Boeing: Profits 1st, Safety 2nd? (Part 3)

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Message 2047470 - Posted: 28 Apr 2020, 23:11:01 UTC

Meanwhile, the Boeing 737 Max stays grounded:


Boeing 737 MAX expected to remain grounded until at least August...
wrote:
... 737 MAX jet is expected to remain grounded until at least August as the manufacturer continues to grapple with software issues...

... One issue involves hypothetical faults in the flight control microprocessor, which could potentially lead to a loss of control known as a runaway stabilizer. The other issue could lead to disengagement of the autopilot feature during final approach...

... Last month, Boeing decided to separate 737 MAX wiring bundles that regulators had flagged as potentially dangerous...

... In February, Boeing said it would need a software update to address a 737 MAX indicator light issue. In January it disclosed a separate software issue relating to a power-up monitoring function. Boeing is also inspecting 737 MAX airplanes after it discovered foreign object debris in undelivered airplanes...



Boeing probed for quality-control lapses on 737 Max assembly line
wrote:
Boeing potentially faces far greater legal liability than previously known...

... faces criminal and civil scrutiny into years of widespread quality-control lapses on its 737 Max assembly line...

... DOJ prosecutors and FAA investigators also have been examining factory problems that raise red flags about the Chicago plane maker’s compliance with mandatory production rules and safeguards. Boeing found debris mistakenly left behind by workers in fuel tanks or other interior spaces of approximately half of the Max aircraft it inspected...




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Message 2047476 - Posted: 28 Apr 2020, 23:29:58 UTC - in response to Message 2047470.  
Last modified: 28 Apr 2020, 23:30:52 UTC

... Last month, Boeing decided to separate 737 MAX wiring bundles that regulators had flagged as potentially dangerous...

A reminder that the same problem "potentially catastrophic failure" wiring is on the current 737 NG aircraft. Those are still flying...

See: Boeing to Separate Grounded 737 MAX Wiring Bundles


Any news for the 737 NG wiring bundles likewise getting fixed?


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Message 2049086 - Posted: 14 May 2020, 0:45:54 UTC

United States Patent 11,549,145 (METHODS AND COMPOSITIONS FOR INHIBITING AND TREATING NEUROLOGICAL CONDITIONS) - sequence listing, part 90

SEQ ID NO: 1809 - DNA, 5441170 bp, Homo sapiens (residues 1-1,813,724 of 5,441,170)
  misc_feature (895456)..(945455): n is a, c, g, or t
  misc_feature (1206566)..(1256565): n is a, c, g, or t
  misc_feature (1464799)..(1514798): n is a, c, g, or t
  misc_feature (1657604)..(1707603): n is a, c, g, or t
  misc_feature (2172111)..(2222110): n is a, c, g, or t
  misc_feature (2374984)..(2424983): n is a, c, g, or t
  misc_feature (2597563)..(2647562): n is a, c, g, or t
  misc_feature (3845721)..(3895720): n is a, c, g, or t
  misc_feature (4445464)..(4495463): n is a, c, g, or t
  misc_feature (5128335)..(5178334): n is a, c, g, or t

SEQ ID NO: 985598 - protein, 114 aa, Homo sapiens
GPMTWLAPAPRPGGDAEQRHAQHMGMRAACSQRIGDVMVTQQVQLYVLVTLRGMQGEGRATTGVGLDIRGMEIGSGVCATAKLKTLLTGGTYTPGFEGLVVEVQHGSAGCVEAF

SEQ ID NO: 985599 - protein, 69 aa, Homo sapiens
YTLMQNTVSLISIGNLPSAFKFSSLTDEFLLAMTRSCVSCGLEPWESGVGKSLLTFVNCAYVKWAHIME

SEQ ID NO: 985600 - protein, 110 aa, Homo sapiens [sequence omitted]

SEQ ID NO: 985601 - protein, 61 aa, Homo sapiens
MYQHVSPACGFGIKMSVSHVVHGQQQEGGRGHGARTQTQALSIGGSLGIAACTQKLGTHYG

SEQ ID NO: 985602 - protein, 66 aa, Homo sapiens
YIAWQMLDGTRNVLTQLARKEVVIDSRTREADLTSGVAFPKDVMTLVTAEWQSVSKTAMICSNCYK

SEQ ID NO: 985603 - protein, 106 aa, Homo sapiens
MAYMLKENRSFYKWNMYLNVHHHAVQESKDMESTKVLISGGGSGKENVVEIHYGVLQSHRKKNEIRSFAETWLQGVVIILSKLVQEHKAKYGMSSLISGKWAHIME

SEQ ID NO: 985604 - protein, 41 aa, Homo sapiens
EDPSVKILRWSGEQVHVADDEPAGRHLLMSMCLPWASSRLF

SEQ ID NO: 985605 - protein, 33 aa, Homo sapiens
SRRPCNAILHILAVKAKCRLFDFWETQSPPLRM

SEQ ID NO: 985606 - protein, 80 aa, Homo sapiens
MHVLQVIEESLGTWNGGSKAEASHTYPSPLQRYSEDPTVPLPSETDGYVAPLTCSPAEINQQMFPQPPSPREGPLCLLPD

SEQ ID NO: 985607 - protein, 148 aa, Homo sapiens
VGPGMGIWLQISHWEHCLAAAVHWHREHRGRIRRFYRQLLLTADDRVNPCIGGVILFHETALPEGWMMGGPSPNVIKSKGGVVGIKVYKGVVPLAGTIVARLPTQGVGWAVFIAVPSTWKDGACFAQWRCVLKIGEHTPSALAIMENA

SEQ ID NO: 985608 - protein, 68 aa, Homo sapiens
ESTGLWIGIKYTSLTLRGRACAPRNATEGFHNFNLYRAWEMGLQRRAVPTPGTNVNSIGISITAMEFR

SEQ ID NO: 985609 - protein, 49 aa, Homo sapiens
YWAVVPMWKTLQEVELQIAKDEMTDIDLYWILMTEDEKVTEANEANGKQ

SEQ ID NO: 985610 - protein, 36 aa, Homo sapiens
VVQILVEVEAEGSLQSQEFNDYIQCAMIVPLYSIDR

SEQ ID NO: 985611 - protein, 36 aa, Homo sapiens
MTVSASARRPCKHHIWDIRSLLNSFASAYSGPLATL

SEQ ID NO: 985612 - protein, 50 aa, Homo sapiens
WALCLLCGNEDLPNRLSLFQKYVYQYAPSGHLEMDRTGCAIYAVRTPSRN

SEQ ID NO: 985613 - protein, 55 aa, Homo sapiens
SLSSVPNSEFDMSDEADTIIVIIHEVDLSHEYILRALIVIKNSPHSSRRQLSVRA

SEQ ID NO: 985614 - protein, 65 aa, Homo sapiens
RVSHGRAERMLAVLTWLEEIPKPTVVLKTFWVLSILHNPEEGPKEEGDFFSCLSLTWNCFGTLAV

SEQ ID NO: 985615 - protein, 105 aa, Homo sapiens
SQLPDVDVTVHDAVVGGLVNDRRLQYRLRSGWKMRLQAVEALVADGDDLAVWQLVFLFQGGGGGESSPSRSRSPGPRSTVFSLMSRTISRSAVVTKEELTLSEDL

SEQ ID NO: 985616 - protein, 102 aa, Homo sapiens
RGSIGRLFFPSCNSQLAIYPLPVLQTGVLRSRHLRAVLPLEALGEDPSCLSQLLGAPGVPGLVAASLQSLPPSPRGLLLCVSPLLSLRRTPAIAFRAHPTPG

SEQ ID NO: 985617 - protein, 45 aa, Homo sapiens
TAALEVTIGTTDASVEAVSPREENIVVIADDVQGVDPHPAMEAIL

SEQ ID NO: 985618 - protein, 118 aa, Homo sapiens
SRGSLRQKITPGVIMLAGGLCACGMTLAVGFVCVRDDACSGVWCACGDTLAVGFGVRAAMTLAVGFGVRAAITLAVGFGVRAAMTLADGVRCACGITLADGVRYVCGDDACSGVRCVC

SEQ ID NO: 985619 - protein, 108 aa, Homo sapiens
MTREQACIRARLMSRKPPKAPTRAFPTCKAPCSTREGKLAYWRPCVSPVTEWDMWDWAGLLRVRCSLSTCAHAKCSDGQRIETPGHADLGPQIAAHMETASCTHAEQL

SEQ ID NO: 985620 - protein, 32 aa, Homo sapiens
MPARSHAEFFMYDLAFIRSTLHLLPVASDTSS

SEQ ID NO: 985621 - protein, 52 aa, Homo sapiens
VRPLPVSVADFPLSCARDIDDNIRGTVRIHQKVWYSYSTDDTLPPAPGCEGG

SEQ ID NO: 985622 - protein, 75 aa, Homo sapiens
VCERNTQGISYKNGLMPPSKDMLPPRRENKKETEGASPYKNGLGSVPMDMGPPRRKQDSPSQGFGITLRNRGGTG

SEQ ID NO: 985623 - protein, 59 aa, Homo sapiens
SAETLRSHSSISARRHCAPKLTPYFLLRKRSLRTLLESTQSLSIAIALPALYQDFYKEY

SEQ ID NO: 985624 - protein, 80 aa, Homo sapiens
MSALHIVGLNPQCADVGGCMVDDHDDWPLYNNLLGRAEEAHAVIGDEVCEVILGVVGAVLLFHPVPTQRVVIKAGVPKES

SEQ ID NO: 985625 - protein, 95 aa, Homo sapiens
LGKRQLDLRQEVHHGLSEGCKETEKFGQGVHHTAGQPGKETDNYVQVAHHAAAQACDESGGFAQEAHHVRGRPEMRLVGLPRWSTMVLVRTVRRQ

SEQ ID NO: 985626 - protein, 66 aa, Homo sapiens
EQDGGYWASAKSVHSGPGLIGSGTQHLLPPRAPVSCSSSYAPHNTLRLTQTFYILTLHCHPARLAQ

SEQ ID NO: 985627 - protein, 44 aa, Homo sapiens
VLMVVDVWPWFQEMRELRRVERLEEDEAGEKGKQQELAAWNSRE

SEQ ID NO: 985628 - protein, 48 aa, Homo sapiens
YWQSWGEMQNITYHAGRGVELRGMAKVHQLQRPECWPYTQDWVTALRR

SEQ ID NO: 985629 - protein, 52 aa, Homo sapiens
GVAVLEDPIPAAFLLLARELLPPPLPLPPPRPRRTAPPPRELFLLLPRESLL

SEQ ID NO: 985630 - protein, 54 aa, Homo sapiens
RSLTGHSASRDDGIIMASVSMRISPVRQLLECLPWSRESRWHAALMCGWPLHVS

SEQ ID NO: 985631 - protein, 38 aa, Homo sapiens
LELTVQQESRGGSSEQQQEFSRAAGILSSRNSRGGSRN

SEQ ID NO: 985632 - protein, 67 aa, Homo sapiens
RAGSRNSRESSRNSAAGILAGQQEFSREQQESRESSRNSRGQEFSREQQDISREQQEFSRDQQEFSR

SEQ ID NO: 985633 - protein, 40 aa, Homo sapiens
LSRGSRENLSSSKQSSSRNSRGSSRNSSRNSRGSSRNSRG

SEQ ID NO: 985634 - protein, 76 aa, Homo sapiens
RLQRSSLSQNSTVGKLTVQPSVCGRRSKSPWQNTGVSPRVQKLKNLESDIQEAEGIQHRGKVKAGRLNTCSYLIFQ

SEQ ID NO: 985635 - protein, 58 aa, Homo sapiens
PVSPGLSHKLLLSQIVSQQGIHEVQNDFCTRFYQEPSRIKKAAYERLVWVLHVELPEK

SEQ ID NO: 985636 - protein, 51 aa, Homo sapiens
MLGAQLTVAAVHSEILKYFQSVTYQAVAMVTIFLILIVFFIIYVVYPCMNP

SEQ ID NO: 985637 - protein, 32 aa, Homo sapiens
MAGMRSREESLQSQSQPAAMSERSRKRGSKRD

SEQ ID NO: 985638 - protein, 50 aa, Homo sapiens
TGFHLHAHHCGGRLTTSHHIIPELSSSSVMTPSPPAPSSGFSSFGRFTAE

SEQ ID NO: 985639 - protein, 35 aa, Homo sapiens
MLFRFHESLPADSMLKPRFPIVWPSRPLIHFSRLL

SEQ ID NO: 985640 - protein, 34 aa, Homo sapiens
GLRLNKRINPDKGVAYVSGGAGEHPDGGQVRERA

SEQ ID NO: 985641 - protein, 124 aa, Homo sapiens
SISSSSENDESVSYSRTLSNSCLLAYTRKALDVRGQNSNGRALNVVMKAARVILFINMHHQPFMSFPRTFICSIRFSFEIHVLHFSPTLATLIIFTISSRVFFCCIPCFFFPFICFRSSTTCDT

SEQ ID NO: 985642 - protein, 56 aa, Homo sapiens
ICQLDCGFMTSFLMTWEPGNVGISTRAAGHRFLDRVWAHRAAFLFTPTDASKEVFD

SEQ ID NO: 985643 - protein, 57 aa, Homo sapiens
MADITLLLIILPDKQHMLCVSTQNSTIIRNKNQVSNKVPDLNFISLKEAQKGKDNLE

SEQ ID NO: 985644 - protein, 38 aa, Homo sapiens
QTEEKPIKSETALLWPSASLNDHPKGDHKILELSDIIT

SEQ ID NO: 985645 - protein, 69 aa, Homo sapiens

Last modified: 14 May 2020, 0:47:56 UTC

Here's an easily followed summary of the present state for the Boeing 737 Max:

YouTube: FAA Launches Investigation this Week
wrote:
The FAA is launching a NEW investigation into the Foreign Object Debris left in Half of all MAX jets fuel tanks, engines, and other sealed spaces. Employees may be doing this on purpose or in the least the morale is so bad at Boeing, nobody cares anymore...



Very interesting that the question is raised of whether the potentially deadly Foreign Object Debris found in over half of the 737 Max aircraft inspected after leaving the factory is possibly due to (disgruntled, overworked?) worker sabotage...

Whatever next?


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Message 2049972 - Posted: 21 May 2020, 17:04:22 UTC
Last modified: 21 May 2020, 17:15:32 UTC

This to my mind and personal view is just unforgivably gobsmacking!


Read the wording carefully:

FAA Response to 737 MAX Crash Report Preserves Boeing’s Big Role in Certifying its Own Planes


So, for my personal totally ignorant interpretation of that:

  • Business as usual keeping the deadly conflicts of interest;
  • The existing procedures work yet didn't avert disaster so no one is at fault;
  • Vague reassurances about reviewing how pilots respond to emergencies...




So... Nothing useful learned and the FAA is relying on a PR whitewash?

All forced by?:

The FAA welcomed that finding and noted that “application of new airworthiness standards, in some circumstances, can increase costs.” The current system for certifying a derivative airplane like the MAX, “balances these economic and safety outcomes,” the FAA report states.

Really?!!! For the Boeing 737 MAX examples for example, totally ignoring the potentially catastrophically fatal wiring and lack of flight computer redundant operation and single points of failure?

Note that it was such failures that are now known to have caused three fatal crashes... And others?




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Message 2050073 - Posted: 22 May 2020, 19:22:40 UTC - in response to Message 2049972.  
Last modified: 22 May 2020, 19:25:09 UTC

For a little more detail, see:

FAA response to 737 MAX crash report preserves Boeing’s big role in certifying its own planes
wrote:
... A former top FAA official, who asked not to be identified to protect his current role as a consultant on aviation safety matters, said the overall FAA response looks like “more of the same” — a determination to maintain its decades-long progression of doing less and less hands-on oversight and delegating more of that work to Boeing.

He pointed to the FAA’s future vision, outlined in 2017, of expanding the current delegation system further, an agency “transformation” that would see it set safety regulations in place but then leave it almost entirely to the manufacturer to find that its aircraft is in compliance.

In the new report, the former official said, “I don’t see anything suggesting that [the] FAA will reverse its determination to continue to disengage from certification.”




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Message 2050076 - Posted: 22 May 2020, 20:57:46 UTC
Last modified: 22 May 2020, 20:59:24 UTC

This one is unusual and worrying that such parts can be lost in flight:

Swift Air B737 Lands With Tail Parts Missing


Quite a scary picture for what isn't there... An aircraft can too easily lose its skin from such damage.

Next comes the how and why...

(Note that is on an old Boeing 737 NG aircraft.)


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Message 2052499 - Posted: 22 Jun 2020, 0:23:13 UTC
Last modified: 22 Jun 2020, 0:28:45 UTC

A few more bits of Boeing news:


Lawmakers rip FAA for not disclosing documents on Boeing Max
wrote: